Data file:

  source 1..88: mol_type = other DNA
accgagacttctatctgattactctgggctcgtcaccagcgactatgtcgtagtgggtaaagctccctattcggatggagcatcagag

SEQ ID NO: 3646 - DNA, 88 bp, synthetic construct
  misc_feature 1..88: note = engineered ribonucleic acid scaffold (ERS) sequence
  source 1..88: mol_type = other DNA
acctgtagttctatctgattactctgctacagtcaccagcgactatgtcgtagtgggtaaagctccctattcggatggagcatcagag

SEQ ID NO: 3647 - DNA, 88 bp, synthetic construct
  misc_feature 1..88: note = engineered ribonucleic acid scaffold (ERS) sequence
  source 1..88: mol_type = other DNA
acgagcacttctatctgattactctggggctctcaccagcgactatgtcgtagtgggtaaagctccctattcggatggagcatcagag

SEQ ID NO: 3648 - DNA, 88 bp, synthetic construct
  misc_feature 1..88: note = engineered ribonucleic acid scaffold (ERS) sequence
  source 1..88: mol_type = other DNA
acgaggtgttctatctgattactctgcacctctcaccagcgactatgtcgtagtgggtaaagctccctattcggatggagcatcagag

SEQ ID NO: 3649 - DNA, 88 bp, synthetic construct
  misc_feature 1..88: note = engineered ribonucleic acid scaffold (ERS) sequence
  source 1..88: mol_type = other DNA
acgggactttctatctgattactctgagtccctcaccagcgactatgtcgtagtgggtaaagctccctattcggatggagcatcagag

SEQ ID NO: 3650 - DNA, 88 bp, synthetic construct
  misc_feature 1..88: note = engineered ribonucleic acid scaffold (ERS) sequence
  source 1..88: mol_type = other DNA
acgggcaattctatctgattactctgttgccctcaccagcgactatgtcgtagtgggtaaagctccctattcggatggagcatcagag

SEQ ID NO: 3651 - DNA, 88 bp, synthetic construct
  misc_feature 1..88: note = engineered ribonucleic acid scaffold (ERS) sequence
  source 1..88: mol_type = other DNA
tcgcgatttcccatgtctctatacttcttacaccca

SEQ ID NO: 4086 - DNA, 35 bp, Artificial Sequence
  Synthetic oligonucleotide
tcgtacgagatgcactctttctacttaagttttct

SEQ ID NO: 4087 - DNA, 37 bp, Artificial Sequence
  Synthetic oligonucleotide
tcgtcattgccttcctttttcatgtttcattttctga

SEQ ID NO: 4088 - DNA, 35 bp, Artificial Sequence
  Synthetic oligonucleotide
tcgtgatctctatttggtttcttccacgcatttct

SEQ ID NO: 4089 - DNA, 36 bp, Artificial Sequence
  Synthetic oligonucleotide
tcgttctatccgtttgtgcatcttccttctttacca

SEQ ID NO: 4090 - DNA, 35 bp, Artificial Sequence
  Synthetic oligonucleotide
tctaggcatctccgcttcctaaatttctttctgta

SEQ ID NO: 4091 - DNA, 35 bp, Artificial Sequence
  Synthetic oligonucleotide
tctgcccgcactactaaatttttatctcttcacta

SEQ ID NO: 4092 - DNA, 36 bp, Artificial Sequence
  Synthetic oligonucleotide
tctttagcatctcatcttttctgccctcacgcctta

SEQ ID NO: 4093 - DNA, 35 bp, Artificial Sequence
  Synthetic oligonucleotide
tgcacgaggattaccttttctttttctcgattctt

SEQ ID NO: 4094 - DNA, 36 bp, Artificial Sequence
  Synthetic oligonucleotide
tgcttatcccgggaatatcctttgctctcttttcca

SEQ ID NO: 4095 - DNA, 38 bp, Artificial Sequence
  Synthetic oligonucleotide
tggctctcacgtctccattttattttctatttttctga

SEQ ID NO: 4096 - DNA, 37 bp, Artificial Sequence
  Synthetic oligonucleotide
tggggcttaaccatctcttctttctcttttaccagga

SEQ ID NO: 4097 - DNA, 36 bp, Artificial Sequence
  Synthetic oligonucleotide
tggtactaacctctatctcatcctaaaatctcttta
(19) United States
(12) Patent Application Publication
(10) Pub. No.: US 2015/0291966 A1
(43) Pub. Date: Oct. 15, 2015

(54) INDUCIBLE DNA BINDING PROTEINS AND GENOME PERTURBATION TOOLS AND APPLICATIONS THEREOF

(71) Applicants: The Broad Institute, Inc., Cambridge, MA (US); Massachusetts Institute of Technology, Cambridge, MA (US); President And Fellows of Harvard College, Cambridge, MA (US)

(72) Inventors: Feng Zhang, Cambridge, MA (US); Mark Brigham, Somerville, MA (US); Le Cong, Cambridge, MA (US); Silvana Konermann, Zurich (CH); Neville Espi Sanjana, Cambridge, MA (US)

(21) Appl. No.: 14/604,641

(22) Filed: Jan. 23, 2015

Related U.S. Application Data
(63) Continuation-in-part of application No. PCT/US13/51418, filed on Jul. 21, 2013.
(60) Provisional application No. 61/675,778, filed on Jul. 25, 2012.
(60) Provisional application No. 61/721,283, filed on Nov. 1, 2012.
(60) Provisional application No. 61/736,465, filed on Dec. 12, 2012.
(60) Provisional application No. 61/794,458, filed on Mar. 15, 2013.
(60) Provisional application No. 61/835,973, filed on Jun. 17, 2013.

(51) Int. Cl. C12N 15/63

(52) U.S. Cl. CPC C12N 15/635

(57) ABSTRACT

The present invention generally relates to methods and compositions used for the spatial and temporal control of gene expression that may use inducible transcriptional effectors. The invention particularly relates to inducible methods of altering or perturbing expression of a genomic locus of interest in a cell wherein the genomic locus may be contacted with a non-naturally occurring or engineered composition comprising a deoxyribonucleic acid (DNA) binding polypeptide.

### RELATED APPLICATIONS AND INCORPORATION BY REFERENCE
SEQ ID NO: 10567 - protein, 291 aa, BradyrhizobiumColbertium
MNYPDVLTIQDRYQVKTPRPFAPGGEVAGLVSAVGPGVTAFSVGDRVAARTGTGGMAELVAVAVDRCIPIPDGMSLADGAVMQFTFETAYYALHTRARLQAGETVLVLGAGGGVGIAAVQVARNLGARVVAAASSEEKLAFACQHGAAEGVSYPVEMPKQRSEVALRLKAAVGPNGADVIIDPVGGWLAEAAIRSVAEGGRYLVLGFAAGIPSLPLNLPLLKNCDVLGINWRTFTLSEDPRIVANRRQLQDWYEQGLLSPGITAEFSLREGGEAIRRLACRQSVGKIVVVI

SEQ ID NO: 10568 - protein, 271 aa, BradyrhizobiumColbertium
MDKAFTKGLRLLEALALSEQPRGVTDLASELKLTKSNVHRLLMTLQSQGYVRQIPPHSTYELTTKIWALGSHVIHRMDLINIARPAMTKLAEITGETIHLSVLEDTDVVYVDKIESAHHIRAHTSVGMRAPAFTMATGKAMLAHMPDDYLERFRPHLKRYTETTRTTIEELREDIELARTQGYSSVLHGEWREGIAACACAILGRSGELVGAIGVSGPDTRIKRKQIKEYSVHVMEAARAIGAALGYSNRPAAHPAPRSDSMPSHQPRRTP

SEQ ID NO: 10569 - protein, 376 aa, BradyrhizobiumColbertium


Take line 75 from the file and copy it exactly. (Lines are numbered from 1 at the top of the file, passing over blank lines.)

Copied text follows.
(60) Provisional application No. 61/721,283, filed on Nov. 1, 2012.